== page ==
Beanery Online Literary Magazine

March 12, 2011

Lost in My Pasta

BEANERY ONLINE LITERARY MAGAZINE

LOST IN MY PASTA

Mark Sliwa

     We did the unthinkable. My wife and I showed up without a reservation at a popular restaurant at five minutes before seven on a Saturday night. Now everybody knows that 7:00 pm is the witching hour of chaos at any dining establishment on a weekend evening. 

     The destination was Turillo’s Steak House on top of the mountain and the weather was poor. Snow, ice, and a blanket of fog guided the way to the summit. I had selfish thoughts that less people would be on the road, meaning upon our arrival for dinner we would be treated as unexpected royalty; or at least as royal as the small mountain village of Jennerstown would allow. 

     Pulling up to the restaurant, I spied human shadows against the windows by the front entrance. Didn’t these people know we were coming? How dare they!

     Nonetheless, we were prepared. Anticipating the clogged cattle stall in the lobby, we brought books. Books you ask? Yes, better than twiddling your thumbs or being addicted to the small plastic screen of a crack-berry.

     Glancing at the interior real estate, I noticed two open bar stools. We pushed past the hapless twiddlers, took the stools and ordered one bottle of beer.  With our spot paid for, we could now be comfortable until a table was available. The books were opened – an autobiography of Keith Richards for me, and the monthly Sierra Club for the Mrs.  Rock and Roll gluttony against green wholesome living – a paradox, but then so are most relationships.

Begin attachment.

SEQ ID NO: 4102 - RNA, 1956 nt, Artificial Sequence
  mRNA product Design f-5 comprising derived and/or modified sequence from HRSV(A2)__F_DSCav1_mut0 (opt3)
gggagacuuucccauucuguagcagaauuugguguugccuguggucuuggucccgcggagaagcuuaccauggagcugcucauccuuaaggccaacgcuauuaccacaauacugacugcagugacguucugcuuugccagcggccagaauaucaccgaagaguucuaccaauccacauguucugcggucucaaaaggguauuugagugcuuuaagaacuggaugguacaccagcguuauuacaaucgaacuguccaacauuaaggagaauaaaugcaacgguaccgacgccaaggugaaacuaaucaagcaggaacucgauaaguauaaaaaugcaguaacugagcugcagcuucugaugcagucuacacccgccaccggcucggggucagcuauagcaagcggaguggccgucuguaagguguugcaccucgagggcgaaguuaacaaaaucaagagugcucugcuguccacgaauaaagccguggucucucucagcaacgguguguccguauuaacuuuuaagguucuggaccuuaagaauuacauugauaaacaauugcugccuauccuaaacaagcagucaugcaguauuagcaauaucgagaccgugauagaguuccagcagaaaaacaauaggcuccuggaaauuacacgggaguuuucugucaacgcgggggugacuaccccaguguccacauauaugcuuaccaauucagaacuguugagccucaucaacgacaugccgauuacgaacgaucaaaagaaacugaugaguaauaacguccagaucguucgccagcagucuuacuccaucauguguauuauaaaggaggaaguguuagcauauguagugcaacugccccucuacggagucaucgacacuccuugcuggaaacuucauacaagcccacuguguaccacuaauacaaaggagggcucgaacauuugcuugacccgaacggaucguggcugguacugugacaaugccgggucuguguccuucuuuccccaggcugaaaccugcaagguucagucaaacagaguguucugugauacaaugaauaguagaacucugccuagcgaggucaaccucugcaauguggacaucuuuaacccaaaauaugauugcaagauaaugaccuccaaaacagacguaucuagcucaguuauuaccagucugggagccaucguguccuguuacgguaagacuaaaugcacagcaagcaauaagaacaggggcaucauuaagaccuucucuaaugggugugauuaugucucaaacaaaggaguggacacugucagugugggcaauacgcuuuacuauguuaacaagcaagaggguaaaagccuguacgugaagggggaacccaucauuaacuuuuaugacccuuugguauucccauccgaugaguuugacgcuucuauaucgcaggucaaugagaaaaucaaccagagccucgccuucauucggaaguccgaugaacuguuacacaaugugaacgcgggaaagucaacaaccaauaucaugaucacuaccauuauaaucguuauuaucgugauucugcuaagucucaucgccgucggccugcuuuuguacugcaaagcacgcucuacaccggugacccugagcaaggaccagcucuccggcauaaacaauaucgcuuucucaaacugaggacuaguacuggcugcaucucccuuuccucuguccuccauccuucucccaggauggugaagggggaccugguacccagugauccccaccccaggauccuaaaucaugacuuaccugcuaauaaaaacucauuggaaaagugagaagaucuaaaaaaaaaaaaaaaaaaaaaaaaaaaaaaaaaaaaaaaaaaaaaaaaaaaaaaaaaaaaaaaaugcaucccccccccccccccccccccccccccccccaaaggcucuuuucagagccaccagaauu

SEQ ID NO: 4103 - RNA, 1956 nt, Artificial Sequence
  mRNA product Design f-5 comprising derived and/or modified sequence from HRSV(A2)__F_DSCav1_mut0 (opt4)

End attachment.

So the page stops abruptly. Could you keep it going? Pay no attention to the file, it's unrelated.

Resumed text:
As we nursed our solo beer, the people who arrived before us stood and glared with impatience. My favorite cliché is “I’m sorry but your lack of planning is not my emergency” (or discomfort in this particular case). Only one person asked what I was reading and acknowledged my superior planning. I swear I try to be humble.

     Gradually tables freed up and the restless cattle got their spots too. We were called for ours soon after. Two glasses of merlot were ordered; for the main course I chose spaghetti and meatballs and the wife broiled fish.

     Dinner arrived and I never felt inconvenienced. I let the wine seep into my brain, stirred the noodles with my fork, and smiled.

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ADDITIONAL READING:

TURKISH TOILETS IN A DARJEELING (India) TRAIN STATION

WHY NOT EQUITABLE “HORROR” ADS?

TIME OUT FOR TRAVEL…

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